Our framework also elucidates the origin of the linear correlation between SFR and molecular gas surface densities, also known as the molecular Kennicutt-Schmidt relation. Such linear correlation is observed in star-forming (non-starburst) galaxies when SFR and molecular gas densities are averaged on kiloparsec and larger scales. A mere correlation between SFR and molecular gas is not surprising because they both trace dense gas in the interstellar medium. What is surprising is that this correlation is linear: many popular models of galactic star formation predict a much steeper relation. Our simulation results and theoretical framework show that a linear relation emerges when stellar feedback efficiently regulates the evolution of star-forming and molecular gas.

Thick lines show the molecular Kennicutt-Schmidt relation (KSR) in our isolated galaxy simulations. Different colors correspond to simulations with different slopes of the star formation relation adopted at the resolution scale (shown by dashed lines). Three panels show simulations with different efficiency of stellar feedback: no feedback at all (left), fiducial feedback (middle), and strong feedback due to very high local star formation efficiency (right). In case of no feedback, the slope of molecular KSR becomes sensitive to the value of the local slope. When feedback becomes very efficient, any such dependence disappears and molecular KSR becomes close to linear (i.e., molecular gas depletion time becomes constant). This insensitivity is another manifestation of self-regulation discussed above.

For details see our paper:
What Sets the Slope of the Molecular Kennicutt-Schmidt Relation?

Modeling unresolved turbulence and star formation in galaxy simulations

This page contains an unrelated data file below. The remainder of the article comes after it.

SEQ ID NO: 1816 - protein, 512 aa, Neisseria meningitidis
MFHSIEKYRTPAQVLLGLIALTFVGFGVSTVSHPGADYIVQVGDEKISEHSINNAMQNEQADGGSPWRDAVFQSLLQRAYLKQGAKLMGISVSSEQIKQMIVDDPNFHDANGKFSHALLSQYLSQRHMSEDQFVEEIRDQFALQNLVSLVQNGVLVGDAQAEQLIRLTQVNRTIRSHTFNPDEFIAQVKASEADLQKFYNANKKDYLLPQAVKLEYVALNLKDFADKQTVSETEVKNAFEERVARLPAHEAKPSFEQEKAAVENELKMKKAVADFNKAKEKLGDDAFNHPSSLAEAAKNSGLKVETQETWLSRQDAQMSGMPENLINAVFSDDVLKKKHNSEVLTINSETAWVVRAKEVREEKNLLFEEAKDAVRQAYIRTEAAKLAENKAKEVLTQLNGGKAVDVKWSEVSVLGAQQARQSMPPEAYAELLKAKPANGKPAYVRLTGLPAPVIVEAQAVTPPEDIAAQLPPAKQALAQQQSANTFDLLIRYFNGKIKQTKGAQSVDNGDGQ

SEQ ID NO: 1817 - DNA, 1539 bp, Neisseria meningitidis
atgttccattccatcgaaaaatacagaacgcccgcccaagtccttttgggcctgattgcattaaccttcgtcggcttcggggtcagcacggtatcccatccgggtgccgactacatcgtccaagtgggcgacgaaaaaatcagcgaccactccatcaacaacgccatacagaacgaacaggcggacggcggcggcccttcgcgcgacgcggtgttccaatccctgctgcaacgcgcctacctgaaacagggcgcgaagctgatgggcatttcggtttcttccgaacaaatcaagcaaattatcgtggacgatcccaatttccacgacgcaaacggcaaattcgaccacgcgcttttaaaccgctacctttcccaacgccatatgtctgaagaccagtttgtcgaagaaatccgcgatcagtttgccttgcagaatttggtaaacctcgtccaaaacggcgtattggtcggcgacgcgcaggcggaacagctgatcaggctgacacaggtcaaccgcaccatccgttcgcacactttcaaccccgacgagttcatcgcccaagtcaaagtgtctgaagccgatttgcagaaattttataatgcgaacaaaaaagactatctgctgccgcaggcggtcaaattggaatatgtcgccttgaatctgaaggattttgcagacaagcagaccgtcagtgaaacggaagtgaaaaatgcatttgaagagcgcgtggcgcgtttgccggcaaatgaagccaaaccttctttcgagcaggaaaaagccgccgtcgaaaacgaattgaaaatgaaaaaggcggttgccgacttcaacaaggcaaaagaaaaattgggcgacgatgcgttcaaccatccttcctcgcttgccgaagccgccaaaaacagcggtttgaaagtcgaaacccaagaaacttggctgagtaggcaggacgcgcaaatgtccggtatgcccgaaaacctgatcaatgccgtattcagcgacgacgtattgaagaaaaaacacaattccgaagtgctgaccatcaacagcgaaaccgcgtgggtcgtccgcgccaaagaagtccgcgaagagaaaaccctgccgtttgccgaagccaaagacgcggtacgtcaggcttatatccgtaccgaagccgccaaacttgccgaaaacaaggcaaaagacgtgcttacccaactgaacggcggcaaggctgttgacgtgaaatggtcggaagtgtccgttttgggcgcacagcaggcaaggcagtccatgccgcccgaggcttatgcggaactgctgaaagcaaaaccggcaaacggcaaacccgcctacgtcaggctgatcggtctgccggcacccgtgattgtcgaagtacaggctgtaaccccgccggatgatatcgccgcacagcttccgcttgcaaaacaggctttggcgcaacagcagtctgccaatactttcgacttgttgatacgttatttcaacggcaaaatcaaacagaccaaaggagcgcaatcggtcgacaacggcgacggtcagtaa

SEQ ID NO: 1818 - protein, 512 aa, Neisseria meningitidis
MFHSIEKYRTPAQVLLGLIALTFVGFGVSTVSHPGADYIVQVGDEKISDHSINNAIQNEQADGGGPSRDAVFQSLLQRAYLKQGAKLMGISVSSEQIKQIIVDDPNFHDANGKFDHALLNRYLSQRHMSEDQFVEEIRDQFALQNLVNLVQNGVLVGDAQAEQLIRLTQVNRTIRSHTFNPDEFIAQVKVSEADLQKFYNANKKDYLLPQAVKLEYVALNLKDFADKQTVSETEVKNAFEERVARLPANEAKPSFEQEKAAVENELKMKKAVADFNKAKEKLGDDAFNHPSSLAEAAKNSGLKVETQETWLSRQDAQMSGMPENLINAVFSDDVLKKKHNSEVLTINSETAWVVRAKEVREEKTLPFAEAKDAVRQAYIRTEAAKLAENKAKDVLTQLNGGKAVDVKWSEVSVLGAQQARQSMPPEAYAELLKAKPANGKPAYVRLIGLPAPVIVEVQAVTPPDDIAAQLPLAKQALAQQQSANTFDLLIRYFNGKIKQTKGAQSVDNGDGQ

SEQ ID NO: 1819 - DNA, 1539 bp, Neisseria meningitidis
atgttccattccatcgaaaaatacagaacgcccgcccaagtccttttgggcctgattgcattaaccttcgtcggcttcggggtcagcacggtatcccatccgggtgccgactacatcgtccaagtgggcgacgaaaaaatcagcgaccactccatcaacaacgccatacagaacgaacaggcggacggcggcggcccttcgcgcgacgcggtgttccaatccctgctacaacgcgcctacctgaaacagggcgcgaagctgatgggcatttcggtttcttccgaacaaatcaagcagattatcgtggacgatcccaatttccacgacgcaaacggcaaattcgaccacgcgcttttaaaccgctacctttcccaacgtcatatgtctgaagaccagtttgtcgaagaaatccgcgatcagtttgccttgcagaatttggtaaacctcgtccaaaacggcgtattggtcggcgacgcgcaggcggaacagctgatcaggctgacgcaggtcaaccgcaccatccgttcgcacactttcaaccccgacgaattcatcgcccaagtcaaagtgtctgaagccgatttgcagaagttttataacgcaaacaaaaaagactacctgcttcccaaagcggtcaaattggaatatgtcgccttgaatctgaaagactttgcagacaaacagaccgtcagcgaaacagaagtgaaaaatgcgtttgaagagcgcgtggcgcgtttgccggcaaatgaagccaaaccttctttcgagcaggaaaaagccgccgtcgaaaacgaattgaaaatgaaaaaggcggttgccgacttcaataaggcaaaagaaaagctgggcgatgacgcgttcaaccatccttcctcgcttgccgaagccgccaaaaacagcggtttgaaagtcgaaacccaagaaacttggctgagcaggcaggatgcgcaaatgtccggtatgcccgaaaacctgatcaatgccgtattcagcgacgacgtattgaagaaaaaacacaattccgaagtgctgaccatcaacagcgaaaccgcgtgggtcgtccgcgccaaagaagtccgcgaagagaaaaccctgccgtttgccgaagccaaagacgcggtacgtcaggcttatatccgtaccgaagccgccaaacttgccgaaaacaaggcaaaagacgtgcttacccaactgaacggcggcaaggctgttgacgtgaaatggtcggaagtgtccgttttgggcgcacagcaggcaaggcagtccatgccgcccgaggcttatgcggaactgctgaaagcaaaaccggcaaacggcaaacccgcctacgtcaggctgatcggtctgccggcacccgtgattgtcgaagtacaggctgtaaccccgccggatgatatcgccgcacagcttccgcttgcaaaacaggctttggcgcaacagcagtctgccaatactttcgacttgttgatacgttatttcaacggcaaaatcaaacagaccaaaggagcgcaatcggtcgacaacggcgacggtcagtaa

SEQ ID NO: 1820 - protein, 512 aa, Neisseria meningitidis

During my PhD studies, I also explored how to make star formation modeling in galaxy simulations more robust and physically motivated. There was a substantial progress in the theory of star formation on small scales, and many analytical and numerical models exist that connect star formation to the properties of supersonic turbulence in star-forming regions (see Padoan et al. 2014 for a review). Galaxy formation simulations can benefit from such models, however, small-scale turbulence in such simulations cannot be resolved and thus it must be treated using subgrid models.

To explore this approach, I implemented a model for unresolved turbulence (Schmidt et al. 2014) into the galaxy formation code ART (Kravtsov et al. 2002). We applied this model in idealized simulations of a disk galaxy and used the results of Padoan et al. (2012) simulations of star-forming regions to compute star formation efficiency in each computational cell.

Our galaxy simulations reproduce the observed turbulent velocities and star formation efficiencies on the scales of star-forming regions. In particular, star formation occurs only in dense cold gas with the average efficiency in agreement with the observational estimates of ~few % per freefall time. This agreement with observations is nontrivial because it is achieved without tuning the parameters of the turbulent star formation model: these parameters are calibrated against high-resolution simulations of turbulence and remain fixed when the model is applied in galaxy simulations. The model also predicts a strong variation of star formation efficiencies, which has important consequences for galaxy evolution. For example, high-efficiency regions lead to more clustered supernovae that can drive stronger outflows and remove gas from galaxies more efficiently.

Isolated galaxy simulation with explicit modeling of unresolved turbulence. Predicted turbulent velocities on unresolved scales (3-rd panel) can be used to compute star formation efficiency in each computational cell (4-th panel). This approach is conceptually different from that used in almost all previous galaxy formation simulations which typically assume a constant efficiency in space and time.

Distribution of local star formation efficiency predicted in the above simulation. The turbulent star formation model naturally predicts a sharp density threshold with star formation occurring only in dense gas. Also, the model predicts the average value of efficiency of ~few % per freefall time which is similar to the values observed in real star-forming regions. The model also predict a strong variation of efficiency compared to a typically assumed constant efficiency in dense gas (illustrated by the red line).

For details see our paper:
Nonuniversal Star Formation Efficiency in Turbulent ISM